Is this why Kavanaugh doesn’t remember?

Another rhetorical question. I can think of another reason why Kavanaugh does not remember this event. It is the same reason I don’t remember it myself.

The assault was not about 15-year-old Christine.

In the old days the Times would have inserted the word “alleged” before the word “assault”.

It was the Amazing Adventures of Brett and Mark: the swotty Catholic virgin and his bad-boy, hard-living friend. She was

allegedly

just the girl who happened by the bedroom after they’d hatched their “prank”. She was

alleg… ah, forget it.

a frisbee chucked between them. Would they have remembered her face one year later, let alone 36?

Ms Turner then goes on to discuss memory:

That this ordinary evening is seared into Dr Ford’s memory but not Judge Kavanaugh’s is no surprise. The guy who violently grabbed my crotch on the Tube years ago, the man who assaulted my friend in a lift, the student who committed a 1970s date rape . . . what would they recall? Memory is founded upon what matters. Maybe Judge Kavanaugh did not remember assaulting some girl in a swimsuit. Because it had no possible ill consequences for him. It didn’t matter.

Janice Turner might have asked herself why the searing of this event into Dr Ford’s memory did not extend to the place or even the year in which it happened. Or why the seared-in memory took thirty-six years to surface. My criticism of Ms Turner is not that there are no possible answers to these questions that would support Christine Blasey Ford’s account; it is that she does not even consider the questions.

*

Example No.2 was published three days later:

The powerful can’t just whitewash their pasts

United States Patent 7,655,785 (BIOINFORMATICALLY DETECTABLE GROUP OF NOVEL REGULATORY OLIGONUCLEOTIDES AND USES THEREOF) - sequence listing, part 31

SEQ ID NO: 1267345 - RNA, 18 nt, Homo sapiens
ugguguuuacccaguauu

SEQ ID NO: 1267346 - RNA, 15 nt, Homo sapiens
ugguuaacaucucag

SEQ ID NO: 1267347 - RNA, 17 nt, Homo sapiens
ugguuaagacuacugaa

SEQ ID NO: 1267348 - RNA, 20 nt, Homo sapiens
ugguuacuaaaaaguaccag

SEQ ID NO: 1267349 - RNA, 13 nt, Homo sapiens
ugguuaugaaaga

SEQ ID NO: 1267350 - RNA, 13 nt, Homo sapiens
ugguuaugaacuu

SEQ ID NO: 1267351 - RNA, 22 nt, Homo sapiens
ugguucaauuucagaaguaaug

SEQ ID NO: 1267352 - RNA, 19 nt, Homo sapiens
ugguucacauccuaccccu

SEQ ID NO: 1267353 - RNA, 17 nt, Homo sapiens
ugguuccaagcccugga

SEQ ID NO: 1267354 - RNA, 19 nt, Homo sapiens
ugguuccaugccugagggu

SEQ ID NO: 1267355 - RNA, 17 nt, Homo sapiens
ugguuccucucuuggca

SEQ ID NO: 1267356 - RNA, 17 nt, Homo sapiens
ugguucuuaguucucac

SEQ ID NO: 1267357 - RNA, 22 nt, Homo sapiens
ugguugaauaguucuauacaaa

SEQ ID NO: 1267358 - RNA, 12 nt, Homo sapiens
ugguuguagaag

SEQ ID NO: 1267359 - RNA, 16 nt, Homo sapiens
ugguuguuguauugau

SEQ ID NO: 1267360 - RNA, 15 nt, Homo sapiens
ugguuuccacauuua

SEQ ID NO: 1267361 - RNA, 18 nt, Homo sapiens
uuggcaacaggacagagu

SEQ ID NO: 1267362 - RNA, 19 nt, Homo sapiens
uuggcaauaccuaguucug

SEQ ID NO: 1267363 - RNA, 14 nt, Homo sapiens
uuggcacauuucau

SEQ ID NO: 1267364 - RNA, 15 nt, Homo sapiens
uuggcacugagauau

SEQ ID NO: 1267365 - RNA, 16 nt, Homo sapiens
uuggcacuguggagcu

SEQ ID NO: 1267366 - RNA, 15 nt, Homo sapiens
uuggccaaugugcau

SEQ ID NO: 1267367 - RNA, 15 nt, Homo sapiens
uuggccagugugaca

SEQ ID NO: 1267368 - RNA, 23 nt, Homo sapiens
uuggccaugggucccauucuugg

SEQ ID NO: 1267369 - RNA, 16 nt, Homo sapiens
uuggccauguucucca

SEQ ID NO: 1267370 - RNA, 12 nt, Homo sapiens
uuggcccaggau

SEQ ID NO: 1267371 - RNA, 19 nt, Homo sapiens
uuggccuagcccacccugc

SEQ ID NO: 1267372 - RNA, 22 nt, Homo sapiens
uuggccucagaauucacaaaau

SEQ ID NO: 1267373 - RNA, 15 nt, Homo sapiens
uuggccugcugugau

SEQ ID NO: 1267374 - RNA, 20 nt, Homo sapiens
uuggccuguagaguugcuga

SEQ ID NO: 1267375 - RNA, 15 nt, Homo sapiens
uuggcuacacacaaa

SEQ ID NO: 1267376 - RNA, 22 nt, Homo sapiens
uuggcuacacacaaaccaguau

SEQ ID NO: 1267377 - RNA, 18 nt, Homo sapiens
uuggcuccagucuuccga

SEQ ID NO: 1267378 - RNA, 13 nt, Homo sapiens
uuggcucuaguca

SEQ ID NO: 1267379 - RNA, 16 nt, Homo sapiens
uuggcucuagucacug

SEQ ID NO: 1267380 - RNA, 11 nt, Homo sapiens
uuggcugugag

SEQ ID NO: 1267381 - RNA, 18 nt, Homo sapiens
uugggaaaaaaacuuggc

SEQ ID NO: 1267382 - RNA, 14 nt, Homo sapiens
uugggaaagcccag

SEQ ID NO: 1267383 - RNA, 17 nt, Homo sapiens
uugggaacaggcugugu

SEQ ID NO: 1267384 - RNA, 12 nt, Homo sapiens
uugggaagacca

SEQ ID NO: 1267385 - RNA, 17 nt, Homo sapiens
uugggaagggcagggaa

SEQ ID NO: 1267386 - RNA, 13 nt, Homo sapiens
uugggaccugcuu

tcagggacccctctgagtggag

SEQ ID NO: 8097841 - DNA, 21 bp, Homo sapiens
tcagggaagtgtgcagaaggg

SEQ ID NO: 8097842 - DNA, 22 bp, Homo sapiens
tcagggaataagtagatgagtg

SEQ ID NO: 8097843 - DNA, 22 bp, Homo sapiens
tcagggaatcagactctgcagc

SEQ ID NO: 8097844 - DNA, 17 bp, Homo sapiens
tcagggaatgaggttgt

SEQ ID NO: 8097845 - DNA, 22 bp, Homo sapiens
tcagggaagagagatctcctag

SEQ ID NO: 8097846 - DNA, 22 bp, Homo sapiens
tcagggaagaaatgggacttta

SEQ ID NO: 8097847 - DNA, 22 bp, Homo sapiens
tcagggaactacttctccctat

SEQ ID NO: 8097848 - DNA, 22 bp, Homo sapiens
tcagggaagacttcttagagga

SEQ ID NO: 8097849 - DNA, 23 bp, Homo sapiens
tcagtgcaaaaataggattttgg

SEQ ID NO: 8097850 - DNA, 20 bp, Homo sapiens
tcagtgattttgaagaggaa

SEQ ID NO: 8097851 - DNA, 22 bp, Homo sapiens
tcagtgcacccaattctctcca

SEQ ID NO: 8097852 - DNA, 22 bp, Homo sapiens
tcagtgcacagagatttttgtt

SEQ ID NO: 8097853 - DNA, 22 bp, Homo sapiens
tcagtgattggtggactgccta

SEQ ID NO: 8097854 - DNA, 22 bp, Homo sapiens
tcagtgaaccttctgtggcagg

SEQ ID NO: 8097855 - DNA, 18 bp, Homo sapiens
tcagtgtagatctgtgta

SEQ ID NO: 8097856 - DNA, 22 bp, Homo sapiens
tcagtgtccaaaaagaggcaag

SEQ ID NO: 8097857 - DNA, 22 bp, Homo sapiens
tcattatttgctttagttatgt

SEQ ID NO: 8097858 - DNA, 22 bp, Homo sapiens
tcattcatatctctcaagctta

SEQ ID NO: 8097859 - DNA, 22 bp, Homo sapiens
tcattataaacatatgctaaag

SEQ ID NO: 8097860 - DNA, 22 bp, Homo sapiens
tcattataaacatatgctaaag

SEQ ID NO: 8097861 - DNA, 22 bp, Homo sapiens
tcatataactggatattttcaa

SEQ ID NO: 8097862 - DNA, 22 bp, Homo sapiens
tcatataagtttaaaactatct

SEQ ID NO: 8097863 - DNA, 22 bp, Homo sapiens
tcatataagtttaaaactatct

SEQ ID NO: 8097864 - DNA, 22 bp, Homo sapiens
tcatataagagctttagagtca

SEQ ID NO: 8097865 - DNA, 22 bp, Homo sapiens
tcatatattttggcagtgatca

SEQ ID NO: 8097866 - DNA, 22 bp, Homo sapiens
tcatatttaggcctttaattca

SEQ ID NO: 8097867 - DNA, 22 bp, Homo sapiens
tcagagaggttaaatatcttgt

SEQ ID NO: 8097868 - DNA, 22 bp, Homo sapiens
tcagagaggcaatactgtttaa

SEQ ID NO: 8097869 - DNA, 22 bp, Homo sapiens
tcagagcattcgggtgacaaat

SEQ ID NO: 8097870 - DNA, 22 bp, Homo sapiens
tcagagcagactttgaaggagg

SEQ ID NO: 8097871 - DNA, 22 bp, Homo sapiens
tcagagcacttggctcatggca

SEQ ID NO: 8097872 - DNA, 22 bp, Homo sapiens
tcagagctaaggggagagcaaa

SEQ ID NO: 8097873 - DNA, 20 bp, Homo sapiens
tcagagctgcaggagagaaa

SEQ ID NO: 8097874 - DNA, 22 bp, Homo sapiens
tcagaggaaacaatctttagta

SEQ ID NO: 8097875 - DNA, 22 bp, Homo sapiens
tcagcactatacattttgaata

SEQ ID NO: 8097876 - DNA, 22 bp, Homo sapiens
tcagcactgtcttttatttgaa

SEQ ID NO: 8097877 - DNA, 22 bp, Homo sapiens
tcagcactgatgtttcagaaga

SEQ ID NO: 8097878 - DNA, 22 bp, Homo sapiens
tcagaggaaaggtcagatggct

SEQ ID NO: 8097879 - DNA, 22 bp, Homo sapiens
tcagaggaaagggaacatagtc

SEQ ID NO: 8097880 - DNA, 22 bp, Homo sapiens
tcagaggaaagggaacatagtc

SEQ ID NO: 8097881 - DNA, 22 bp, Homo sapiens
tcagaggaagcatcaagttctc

Hugo Rifkind, Monday October 01 2018

Youthful misdeeds were irrelevant for a Prince Hal or Churchill but the Kavanaugh saga proves those days are over

Besides the red face, and the shouting, and the hurt indignation, and the mad howls about still liking beer, one thing was very obvious last week about the US Supreme Court nominee Brett Kavanaugh. With a litany of legal achievements behind him, this was not a man who had expected, at 53, to be answering for his behaviour as a teenager.

Please don’t think Mr Rifkind does not acknowledge the possibility that Kavanaugh might be innocent. He acknowledges it right here:

Even if Ford’s accusations remain unproven, Kavanaugh’s mere presence in this gross, fratboy milieu ought to be enough to bar him from spending the rest of his life as a wise elder of America.

And in similar vein:

Clearly Kavanaugh thought he had moved on, too. Ford is a reminder that his version of his past is not the only one that exists, even if he and everybody around him have spent a lifetime behaving as if it were.

What is this, a science fiction story where we can hop between every conceivable timeline? There can be many claimed versions of the past, but they do not have equal status. Only one of them is true.